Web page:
Oil Sands: New centre for intelligent mining systems
In a new laboratory in the University of Alberta’s computing science department, mouse clicks and streaming video feeds are providing answers that might one day help as much as heavy equipment and hardhats in extracting oil from bitumen in Alberta’s oil sands.
Although it only officially opened in May, the Centre for Intelligent Mining Systems–a “collaboratium” between the university’s computing science faculty and Syncrude Canada Ltd.–has worked on solving production problems for the sprawling Fort McMurray-based mine for the past 18 months.
“It is applying technologies in the areas of artificial intelligence and robotics to the problems that we find in surface mining,” says Ron Kube, a computer scientist with Syncrude’s research department. Syncrude paid $500,000 to lease the lab for three years and outfit it with new equipment.
“Mining isn’t just done by engineers; it’s also done by computer geeks,” says Randy Goebel, the university’s computing science department chair. “Syncrude provides the problems and problem-specific knowledge and we provide the ideas about how to solve the problems.”
The centre has already made major progress in solving an expensive problem. Syncrude mines the oil sands with massive hydraulic loaders, which cleave the bitumen out of the earth with shovels with serrated edges. Occasionally, a steel tooth, weighing between 650 and 800 pounds, will break off a blade and be buried in the 420-ton loads of bitumen. When the broken tooth reaches the crusher, which grinds the clumps of oil sands in order to be processed into oil, it will jam or break the machine. The repair bill combined with loss of production during down-time costs “millions of dollars,” Goebel says.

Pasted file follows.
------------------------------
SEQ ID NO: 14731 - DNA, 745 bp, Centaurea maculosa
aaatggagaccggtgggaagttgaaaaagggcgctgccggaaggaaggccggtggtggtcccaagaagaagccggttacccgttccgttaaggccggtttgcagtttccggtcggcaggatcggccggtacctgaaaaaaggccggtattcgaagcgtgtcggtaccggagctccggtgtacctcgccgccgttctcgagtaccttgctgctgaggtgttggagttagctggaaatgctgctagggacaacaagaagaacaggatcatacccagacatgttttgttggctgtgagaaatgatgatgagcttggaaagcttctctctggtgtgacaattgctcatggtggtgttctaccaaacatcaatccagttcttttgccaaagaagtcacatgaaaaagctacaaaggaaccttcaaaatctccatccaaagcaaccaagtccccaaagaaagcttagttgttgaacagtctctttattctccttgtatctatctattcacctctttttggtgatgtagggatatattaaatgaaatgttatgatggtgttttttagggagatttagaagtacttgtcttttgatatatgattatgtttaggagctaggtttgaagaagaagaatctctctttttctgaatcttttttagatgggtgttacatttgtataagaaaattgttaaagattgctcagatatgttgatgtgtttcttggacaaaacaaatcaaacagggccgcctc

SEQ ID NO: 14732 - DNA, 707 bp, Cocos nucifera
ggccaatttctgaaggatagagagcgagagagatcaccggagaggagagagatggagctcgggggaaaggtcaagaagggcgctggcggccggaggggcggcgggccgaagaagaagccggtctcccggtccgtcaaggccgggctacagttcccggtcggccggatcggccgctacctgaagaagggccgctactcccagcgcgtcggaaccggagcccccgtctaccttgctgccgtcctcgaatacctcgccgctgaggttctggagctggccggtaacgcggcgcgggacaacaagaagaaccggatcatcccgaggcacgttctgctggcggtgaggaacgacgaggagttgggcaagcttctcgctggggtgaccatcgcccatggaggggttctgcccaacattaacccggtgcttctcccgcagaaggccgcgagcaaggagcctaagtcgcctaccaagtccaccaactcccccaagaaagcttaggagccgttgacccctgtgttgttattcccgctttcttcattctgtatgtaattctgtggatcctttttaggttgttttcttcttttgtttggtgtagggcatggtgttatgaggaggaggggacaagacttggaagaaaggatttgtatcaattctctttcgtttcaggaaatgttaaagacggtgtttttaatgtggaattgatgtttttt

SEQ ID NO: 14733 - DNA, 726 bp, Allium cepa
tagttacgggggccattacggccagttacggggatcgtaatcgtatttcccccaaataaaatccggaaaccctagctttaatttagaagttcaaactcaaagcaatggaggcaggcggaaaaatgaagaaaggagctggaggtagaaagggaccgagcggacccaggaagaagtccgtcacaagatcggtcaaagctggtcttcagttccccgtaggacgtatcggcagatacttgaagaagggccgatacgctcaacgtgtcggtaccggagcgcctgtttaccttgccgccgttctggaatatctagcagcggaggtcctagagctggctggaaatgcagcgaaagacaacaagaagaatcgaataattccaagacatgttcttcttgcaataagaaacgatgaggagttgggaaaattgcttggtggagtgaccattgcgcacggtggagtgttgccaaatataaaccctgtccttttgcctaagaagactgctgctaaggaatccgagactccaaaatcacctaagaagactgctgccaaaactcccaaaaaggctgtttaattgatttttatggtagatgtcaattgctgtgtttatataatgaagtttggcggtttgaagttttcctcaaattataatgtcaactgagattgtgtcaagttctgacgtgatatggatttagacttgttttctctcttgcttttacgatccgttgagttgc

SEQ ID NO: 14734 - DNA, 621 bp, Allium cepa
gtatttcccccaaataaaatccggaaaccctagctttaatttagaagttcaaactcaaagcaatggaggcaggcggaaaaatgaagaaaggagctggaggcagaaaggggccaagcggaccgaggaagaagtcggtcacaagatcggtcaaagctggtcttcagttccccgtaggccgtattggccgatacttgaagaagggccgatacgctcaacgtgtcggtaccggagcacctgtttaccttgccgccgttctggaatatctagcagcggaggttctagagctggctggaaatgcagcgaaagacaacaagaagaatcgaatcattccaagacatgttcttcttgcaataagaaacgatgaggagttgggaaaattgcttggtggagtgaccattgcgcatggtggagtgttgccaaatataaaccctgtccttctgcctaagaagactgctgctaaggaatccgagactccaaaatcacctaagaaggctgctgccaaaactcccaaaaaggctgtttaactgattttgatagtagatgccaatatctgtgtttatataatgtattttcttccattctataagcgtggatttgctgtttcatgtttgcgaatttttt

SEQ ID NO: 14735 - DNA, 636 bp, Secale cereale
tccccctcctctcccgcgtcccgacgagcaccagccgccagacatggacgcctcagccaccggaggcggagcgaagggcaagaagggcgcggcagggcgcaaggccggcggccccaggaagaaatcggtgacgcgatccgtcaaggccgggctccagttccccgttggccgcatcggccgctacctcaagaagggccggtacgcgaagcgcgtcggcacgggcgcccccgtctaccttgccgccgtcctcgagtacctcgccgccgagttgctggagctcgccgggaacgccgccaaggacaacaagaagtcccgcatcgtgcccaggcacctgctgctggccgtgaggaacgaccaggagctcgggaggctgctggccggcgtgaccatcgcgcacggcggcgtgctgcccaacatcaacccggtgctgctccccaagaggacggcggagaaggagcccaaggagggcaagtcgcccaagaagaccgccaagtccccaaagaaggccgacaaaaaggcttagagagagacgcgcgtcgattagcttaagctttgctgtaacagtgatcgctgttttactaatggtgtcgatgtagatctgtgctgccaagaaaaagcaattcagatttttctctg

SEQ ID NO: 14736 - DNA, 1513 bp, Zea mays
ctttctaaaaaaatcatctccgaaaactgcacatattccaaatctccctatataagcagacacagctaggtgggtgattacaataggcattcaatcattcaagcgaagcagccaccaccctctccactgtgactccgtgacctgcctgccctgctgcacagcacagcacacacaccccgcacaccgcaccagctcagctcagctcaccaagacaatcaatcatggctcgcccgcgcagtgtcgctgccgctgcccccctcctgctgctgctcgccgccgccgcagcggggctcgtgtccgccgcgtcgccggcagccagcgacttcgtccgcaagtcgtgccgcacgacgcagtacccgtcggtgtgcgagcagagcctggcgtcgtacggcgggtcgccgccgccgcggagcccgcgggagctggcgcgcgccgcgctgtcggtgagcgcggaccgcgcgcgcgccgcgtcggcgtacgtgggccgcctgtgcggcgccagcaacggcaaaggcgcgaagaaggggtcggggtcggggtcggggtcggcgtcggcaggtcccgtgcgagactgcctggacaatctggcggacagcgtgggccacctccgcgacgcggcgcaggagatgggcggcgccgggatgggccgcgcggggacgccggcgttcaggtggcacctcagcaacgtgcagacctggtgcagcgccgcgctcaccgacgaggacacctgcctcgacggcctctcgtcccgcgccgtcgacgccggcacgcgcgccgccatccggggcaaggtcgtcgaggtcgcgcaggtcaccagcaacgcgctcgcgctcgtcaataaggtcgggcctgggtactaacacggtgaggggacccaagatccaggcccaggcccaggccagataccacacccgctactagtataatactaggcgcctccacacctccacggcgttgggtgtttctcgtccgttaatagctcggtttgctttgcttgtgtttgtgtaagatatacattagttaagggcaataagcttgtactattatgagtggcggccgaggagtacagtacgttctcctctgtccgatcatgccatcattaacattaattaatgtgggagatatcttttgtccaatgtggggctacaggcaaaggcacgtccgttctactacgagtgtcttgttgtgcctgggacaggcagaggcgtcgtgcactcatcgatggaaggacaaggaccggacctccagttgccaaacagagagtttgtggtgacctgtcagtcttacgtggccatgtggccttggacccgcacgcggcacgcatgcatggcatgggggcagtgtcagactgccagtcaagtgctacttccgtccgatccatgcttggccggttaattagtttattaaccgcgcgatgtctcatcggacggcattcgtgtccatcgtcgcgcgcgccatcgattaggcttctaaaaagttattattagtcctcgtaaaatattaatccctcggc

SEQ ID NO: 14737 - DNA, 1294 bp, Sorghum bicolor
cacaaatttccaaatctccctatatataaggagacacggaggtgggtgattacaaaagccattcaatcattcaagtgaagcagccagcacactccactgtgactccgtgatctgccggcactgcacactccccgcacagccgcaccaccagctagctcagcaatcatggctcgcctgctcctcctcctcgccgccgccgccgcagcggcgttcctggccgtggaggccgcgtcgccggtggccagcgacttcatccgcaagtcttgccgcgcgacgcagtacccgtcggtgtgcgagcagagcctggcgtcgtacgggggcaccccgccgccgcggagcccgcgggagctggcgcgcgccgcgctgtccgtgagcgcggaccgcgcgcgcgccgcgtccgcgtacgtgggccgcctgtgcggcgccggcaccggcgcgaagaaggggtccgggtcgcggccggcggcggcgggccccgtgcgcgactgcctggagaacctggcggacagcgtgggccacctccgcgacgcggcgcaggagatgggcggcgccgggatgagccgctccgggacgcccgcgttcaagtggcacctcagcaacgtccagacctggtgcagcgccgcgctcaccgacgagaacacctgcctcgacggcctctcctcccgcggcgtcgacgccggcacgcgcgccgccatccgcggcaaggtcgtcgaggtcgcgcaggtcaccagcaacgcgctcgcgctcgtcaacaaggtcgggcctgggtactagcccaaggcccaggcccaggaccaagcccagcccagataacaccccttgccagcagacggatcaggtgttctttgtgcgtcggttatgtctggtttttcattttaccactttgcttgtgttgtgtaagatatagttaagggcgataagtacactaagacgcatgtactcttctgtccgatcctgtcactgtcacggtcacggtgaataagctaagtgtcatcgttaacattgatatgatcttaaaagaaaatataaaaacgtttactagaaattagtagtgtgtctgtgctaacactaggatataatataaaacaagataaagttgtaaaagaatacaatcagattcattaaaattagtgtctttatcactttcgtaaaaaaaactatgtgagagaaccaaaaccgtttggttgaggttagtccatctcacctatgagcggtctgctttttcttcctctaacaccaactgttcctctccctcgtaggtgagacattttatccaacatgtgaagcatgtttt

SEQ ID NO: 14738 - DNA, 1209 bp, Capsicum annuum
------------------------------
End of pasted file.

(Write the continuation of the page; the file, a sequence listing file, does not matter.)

To overcome this problem, university researchers have worked on an automated computer vision project that monitors the toothline of the mining shovels and alerts the operator when a tooth breaks off. “Computer vision can be tuned and trained to be a lot faster than ordinary people,” Goebel says.
The centre’s success has already prompted talk of a long-term funding proposal worth $1 million annually from a consortium that includes Syncrude. It has also attracted attention from other industry giants such as Noranda Inc. and Inco Ltd., developments that gratify Goebel.
“Science doesn’t stop at the university boundaries,” he says. “The bottom line is you have to be connected enough with the world to understand it well enough to have an impact in it. The ivory tower stuff has never really worked for us.”
Will Gibson is a freelance writer based in Morinville, Alta.
These photos show a tooth that has fallen off a loader shovel, and stuck in the rollers that crush the oil sands ore. The tooth has damaged the crusher. Recent research at the Centre for Intelligent Mining Systems has developed an automated computer vision system to detect when a tooth is missing from a shovel, so it can be retrieved before damaging the crusher.